Christians have grown fairly comfy with this very thing - this preoccupation with the miracle, while potentially missing the subject in all its fascinating and subversive beauty. Where a first century Jew (or even a non-Jew) would have read this sort of story and naturally looked for the connective tissue between Jesus' miracles and the situations they accompanied, Christians have taken to reading things in a more disconnected fashion. As a result, we have become more likely to paint ourselves a Jesus who performs miracles with an air of detachment himself. A gather-around-for-my-next-trick Jesus. Fundamentally: 

You have a Jesus who does magic to entertain us, but seldom leaves us reeling to absorb the shock of WHY

This, in and of itself, is telling.  

To be clear up front, I'm not diminishing the beauty or meaning of healing on its own. Not at all. All ten of those healed experienced something priceless in being healed that day, and it would have meant the world to them. Also, Jesus performed plenty of general healings in the gospels without lessons being attached to them.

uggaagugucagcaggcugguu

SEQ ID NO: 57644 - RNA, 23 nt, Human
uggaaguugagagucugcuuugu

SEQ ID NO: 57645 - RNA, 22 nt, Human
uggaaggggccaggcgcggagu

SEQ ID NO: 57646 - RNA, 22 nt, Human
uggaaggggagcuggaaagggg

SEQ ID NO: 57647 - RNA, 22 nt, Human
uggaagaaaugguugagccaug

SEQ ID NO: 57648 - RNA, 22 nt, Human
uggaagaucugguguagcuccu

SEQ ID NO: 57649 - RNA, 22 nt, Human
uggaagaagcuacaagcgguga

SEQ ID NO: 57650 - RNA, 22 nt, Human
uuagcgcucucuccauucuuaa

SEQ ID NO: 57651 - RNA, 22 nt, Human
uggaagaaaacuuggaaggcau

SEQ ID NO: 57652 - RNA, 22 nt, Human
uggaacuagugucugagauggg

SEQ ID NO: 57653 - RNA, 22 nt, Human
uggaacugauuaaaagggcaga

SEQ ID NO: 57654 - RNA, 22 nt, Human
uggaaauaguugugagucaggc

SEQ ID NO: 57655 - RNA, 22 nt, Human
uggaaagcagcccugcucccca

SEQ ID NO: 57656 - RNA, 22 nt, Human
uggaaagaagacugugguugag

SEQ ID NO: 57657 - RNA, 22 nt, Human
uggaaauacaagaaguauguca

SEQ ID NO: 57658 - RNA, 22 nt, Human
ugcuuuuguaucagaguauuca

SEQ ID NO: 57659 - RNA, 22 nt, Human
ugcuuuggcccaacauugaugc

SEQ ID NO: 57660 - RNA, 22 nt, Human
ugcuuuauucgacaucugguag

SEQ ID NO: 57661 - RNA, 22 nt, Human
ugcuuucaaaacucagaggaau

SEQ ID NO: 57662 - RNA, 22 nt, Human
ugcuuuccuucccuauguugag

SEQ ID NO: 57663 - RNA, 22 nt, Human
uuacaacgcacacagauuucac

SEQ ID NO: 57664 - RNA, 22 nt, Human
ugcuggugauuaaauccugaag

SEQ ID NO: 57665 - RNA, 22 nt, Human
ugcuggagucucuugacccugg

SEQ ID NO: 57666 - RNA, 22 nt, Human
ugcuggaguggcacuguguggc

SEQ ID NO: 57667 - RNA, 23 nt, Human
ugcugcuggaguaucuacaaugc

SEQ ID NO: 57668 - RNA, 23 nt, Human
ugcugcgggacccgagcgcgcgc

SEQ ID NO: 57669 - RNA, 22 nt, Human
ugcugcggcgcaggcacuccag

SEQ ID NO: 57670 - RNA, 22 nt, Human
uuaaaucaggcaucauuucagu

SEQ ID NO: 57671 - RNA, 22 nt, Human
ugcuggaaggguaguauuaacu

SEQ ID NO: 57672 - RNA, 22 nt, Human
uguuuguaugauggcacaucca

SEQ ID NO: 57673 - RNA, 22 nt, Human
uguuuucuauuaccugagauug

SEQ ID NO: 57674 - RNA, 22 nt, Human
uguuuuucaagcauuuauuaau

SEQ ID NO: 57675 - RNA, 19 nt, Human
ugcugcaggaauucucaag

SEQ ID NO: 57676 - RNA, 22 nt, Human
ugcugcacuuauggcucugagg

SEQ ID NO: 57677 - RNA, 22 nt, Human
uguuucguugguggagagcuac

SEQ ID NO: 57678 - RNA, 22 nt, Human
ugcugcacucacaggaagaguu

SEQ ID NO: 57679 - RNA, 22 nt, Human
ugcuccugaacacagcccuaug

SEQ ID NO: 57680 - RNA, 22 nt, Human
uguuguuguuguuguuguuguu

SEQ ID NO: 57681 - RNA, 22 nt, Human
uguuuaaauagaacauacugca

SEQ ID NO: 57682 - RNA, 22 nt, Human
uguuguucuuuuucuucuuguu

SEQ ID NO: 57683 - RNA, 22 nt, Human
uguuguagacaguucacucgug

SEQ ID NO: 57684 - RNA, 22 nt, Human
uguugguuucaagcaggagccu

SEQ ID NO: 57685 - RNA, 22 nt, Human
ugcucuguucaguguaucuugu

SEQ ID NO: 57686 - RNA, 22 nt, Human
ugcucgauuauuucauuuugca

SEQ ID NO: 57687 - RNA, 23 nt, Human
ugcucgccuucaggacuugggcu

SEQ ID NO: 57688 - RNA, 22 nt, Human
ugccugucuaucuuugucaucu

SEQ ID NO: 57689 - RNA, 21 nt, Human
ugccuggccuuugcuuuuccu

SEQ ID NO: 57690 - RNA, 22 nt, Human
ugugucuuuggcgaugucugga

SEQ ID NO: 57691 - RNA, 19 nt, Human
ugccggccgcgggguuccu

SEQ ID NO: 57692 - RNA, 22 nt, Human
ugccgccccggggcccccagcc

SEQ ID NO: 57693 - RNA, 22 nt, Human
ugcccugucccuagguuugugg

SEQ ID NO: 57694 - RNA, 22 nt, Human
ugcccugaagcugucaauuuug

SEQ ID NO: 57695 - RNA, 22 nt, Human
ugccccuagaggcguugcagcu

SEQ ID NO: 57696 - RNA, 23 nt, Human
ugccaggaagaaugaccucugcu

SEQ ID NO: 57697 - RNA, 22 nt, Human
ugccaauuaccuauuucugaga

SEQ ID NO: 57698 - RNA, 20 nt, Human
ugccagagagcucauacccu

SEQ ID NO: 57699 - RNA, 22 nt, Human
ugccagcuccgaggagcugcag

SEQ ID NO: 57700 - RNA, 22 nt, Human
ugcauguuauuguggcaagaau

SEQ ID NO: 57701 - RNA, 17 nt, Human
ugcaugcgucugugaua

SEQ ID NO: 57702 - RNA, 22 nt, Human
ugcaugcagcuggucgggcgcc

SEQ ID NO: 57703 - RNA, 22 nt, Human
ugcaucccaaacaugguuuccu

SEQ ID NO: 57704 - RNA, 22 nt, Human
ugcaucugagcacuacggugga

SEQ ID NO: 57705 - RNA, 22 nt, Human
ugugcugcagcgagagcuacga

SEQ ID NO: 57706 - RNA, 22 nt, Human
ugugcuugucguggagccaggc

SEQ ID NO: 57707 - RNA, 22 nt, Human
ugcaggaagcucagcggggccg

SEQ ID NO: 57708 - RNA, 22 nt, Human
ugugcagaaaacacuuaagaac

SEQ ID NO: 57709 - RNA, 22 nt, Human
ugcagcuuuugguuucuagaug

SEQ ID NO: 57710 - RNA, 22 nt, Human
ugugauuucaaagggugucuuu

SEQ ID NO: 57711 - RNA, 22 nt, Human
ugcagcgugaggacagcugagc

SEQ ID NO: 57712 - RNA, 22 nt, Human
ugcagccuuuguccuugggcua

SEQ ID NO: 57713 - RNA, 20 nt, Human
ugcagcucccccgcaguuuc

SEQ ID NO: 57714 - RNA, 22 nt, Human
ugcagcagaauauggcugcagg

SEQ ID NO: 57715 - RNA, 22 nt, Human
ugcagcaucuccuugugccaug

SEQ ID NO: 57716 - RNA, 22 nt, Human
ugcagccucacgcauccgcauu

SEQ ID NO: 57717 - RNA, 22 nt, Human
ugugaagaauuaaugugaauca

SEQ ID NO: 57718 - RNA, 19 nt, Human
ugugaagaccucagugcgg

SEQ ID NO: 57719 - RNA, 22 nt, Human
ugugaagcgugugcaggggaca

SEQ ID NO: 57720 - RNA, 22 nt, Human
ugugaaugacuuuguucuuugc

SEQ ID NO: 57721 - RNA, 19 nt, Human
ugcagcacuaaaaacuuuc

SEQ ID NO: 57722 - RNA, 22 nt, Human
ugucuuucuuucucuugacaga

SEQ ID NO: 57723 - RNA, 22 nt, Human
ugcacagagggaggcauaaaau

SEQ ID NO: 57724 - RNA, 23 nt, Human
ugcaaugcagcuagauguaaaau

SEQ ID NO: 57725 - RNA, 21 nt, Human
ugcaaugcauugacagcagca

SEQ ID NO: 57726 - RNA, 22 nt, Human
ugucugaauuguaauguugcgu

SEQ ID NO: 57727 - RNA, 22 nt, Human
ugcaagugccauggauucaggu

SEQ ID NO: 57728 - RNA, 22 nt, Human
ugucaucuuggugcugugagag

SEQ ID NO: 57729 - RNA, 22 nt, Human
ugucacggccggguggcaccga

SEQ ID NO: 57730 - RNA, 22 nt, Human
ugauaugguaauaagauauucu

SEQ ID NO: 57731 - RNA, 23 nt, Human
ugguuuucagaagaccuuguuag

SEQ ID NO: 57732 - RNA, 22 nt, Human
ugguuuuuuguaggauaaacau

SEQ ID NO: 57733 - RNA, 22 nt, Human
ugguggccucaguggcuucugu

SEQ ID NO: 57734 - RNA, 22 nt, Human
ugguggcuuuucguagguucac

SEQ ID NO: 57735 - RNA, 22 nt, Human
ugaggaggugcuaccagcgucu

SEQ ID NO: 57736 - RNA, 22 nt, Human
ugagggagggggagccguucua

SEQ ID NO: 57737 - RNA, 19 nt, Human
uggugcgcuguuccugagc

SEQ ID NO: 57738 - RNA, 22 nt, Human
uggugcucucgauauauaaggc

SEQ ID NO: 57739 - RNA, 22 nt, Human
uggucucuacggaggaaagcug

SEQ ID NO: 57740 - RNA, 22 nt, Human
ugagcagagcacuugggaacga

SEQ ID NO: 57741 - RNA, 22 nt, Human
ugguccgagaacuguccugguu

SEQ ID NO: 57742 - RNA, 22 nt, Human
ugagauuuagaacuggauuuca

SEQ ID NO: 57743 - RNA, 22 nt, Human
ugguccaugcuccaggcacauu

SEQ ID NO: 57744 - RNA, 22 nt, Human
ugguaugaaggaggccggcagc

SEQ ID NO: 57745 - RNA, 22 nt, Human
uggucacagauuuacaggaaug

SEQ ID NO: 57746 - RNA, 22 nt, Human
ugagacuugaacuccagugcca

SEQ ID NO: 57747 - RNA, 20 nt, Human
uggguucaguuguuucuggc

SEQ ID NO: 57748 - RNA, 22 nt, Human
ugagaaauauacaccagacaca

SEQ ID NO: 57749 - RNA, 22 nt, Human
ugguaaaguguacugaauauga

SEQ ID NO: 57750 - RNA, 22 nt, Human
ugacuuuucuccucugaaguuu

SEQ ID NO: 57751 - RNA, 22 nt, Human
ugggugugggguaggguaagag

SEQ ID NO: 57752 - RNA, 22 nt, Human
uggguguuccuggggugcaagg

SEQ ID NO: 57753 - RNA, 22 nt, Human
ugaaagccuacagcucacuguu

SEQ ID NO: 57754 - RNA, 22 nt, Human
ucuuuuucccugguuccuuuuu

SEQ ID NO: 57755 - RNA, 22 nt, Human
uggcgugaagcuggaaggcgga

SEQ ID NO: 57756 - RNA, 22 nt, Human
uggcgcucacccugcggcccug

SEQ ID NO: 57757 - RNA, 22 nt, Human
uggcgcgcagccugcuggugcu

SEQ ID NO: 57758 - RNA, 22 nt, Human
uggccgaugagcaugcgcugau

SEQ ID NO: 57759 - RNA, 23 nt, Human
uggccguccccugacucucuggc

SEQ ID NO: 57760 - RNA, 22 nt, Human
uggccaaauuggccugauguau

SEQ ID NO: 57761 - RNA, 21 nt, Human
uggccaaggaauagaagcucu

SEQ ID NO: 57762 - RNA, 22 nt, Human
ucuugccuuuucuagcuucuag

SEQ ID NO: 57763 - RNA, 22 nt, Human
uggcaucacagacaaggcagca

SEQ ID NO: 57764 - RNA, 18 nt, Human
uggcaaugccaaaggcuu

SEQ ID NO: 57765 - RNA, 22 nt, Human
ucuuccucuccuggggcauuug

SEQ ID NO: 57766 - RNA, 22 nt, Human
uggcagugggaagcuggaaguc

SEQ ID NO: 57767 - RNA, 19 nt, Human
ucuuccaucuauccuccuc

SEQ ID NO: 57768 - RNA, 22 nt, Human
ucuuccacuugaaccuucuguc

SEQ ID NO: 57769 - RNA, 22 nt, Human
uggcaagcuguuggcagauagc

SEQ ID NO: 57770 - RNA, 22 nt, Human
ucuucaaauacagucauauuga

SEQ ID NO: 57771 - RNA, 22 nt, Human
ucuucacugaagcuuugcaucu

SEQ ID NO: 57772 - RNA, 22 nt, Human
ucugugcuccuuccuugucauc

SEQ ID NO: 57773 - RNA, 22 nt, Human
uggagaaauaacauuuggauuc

...However, this is not one of those times. And when a passage like the one above so clearly has a lot to say, and that goes ignored because it makes us uncomfortable, it's worth pointing out. Because no matter how passionately you go about it, if you make this story of ten who were healed into a story about more generally "being thankful for God's healing" ...Well, you don't need this story for that at all. If that's the point, then most of this passage becomes non-essential detail.

And if you make it a story for Christians about "thanking Jesus," but stop short of that looming Temple in the background (or foreground, as it were) in all its marvelous implication... You are trying to champion the application apart from its radical scandal. Unwrapping the story in these ways lacks the dangerous traction that Jesus' own words pushed to ensure. 

So what am I driving at? What could be going on here in the text that so compellingly breaks down our tepid versions of the story? It is simply this: Jesus clearly expected that more than one of those healed should recognize what had happened. And he clearly felt it reasonable to expect that more than one of them should return to him...